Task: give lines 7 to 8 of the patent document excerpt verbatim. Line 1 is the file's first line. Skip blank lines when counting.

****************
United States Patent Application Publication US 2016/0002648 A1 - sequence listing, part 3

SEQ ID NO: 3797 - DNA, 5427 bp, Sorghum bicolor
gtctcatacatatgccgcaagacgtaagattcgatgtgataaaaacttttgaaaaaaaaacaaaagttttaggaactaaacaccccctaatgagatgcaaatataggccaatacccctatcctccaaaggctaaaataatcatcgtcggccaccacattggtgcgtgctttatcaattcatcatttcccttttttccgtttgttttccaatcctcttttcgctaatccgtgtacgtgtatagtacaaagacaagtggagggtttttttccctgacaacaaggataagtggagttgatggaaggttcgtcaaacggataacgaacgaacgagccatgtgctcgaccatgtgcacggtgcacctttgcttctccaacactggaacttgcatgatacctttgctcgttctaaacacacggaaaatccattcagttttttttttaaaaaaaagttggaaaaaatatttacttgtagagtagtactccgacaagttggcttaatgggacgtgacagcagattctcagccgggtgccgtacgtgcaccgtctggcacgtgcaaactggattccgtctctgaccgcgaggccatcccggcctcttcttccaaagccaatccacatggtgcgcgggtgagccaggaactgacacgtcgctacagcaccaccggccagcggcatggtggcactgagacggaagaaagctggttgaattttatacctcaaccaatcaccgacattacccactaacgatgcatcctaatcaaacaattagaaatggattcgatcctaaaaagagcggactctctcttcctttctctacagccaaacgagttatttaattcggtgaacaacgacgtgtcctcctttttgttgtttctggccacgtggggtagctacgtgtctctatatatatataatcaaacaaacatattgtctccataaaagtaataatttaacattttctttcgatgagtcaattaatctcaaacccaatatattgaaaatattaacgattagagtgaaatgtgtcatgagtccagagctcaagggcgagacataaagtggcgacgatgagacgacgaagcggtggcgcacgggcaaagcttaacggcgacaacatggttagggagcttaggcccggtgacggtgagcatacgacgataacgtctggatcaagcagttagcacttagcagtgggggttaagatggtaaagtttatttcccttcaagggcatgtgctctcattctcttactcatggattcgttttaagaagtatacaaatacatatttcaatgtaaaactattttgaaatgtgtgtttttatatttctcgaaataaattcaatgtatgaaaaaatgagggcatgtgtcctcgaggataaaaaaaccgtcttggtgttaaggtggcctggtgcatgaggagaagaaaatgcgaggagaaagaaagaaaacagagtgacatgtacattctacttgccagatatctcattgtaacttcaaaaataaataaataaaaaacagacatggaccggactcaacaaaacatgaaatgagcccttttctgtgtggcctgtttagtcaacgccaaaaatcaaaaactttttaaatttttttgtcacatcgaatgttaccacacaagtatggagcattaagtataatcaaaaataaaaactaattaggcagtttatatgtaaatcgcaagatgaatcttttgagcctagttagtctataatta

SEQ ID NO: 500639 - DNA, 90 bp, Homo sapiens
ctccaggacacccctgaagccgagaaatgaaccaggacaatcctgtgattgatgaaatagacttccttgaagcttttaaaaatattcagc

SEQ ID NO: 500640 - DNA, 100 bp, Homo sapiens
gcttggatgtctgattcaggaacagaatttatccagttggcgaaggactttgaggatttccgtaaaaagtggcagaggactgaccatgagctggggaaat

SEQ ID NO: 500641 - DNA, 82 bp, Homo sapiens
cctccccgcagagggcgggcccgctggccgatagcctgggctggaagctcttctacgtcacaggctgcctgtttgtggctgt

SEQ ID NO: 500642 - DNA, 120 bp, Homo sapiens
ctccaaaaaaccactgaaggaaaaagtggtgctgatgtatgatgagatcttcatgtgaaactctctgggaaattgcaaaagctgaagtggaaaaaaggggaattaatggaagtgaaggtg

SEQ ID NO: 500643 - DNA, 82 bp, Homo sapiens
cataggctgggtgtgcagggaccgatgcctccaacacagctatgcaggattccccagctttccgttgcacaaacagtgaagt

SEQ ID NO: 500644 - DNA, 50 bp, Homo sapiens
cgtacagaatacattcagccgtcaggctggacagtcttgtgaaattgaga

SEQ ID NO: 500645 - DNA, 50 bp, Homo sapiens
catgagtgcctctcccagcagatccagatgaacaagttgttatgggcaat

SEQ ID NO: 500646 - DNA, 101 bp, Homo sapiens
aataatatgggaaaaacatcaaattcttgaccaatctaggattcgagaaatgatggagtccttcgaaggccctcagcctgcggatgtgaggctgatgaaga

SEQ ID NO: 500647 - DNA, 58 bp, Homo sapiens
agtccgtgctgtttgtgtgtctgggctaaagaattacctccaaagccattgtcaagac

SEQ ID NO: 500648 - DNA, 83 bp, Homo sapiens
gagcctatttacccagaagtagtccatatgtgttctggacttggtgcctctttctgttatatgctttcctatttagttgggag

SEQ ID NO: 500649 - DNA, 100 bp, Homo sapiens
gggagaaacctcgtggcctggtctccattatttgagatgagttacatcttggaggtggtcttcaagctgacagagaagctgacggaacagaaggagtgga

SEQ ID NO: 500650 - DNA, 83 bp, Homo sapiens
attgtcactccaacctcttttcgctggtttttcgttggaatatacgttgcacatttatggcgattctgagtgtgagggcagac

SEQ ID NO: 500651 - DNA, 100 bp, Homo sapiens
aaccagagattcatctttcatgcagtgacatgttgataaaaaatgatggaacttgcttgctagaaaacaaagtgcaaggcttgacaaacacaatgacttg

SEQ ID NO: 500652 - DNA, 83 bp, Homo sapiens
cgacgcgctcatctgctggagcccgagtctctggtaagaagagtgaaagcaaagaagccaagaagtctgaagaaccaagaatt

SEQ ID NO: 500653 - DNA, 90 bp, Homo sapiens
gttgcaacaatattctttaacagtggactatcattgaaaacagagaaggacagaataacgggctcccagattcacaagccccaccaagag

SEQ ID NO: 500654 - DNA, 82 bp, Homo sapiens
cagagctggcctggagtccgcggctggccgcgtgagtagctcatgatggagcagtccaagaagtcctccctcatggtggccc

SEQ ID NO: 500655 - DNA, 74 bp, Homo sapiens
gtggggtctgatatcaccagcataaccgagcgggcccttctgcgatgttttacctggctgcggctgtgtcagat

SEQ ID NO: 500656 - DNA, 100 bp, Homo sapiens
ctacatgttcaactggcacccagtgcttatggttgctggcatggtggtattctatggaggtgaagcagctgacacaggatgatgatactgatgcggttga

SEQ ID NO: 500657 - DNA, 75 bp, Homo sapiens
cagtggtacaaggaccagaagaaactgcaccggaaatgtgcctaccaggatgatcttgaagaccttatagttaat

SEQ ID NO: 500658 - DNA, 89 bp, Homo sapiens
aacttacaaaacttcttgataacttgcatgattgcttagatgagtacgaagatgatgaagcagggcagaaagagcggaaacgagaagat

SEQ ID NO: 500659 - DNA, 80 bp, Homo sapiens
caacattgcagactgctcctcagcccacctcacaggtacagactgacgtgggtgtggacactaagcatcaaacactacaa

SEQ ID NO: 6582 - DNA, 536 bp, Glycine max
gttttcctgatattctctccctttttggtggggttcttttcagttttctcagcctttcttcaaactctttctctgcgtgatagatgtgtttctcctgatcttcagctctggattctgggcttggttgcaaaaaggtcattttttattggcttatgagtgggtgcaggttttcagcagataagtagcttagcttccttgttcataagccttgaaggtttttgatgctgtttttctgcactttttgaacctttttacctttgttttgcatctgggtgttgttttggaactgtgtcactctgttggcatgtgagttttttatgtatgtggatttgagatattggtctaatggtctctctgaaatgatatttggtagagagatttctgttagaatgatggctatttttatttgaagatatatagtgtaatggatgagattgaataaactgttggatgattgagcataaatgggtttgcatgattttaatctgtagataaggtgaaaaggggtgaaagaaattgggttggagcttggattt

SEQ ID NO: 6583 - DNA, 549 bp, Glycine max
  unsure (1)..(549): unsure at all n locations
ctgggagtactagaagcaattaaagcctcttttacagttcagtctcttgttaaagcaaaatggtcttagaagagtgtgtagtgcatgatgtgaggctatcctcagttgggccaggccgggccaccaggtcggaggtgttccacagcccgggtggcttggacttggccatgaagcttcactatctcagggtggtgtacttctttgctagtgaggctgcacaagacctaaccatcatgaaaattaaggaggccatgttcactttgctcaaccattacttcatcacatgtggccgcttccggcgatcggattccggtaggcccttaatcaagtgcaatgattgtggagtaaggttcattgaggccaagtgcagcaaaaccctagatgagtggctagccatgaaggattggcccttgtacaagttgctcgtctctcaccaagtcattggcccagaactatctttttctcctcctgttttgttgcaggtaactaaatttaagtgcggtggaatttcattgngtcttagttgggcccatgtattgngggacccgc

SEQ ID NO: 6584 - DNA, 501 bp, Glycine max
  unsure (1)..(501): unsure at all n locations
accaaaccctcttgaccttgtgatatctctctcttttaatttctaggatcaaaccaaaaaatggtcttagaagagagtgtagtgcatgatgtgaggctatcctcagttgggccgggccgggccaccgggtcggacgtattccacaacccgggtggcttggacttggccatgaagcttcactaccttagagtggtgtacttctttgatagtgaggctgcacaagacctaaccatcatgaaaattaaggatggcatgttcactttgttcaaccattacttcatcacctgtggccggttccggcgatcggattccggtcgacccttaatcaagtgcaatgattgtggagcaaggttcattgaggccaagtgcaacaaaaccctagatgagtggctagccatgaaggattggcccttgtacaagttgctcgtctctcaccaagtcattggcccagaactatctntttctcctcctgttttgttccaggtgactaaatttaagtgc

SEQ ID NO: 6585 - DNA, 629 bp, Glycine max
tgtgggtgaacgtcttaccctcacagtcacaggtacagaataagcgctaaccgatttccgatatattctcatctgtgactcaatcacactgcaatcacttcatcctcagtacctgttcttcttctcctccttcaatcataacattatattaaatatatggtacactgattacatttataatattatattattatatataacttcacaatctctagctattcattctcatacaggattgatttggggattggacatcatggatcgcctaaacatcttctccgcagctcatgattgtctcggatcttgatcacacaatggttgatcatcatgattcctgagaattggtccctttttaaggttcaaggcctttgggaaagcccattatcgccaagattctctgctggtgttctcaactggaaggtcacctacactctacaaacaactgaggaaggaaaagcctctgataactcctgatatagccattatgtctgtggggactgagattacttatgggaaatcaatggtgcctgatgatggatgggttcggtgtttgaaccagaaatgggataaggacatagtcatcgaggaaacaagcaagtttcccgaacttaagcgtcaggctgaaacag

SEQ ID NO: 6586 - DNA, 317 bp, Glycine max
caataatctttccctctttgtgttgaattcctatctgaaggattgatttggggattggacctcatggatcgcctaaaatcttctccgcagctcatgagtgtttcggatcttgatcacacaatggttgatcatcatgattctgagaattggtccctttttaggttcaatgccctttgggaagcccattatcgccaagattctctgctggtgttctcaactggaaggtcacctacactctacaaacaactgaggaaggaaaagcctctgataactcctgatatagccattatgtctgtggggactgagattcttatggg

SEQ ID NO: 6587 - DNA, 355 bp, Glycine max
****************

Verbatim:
gcttggatgtctgattcaggaacagaatttatccagttggcgaaggactttgaggatttccgtaaaaagtggcagaggactgaccatgagctggggaaat

SEQ ID NO: 500641 - DNA, 82 bp, Homo sapiens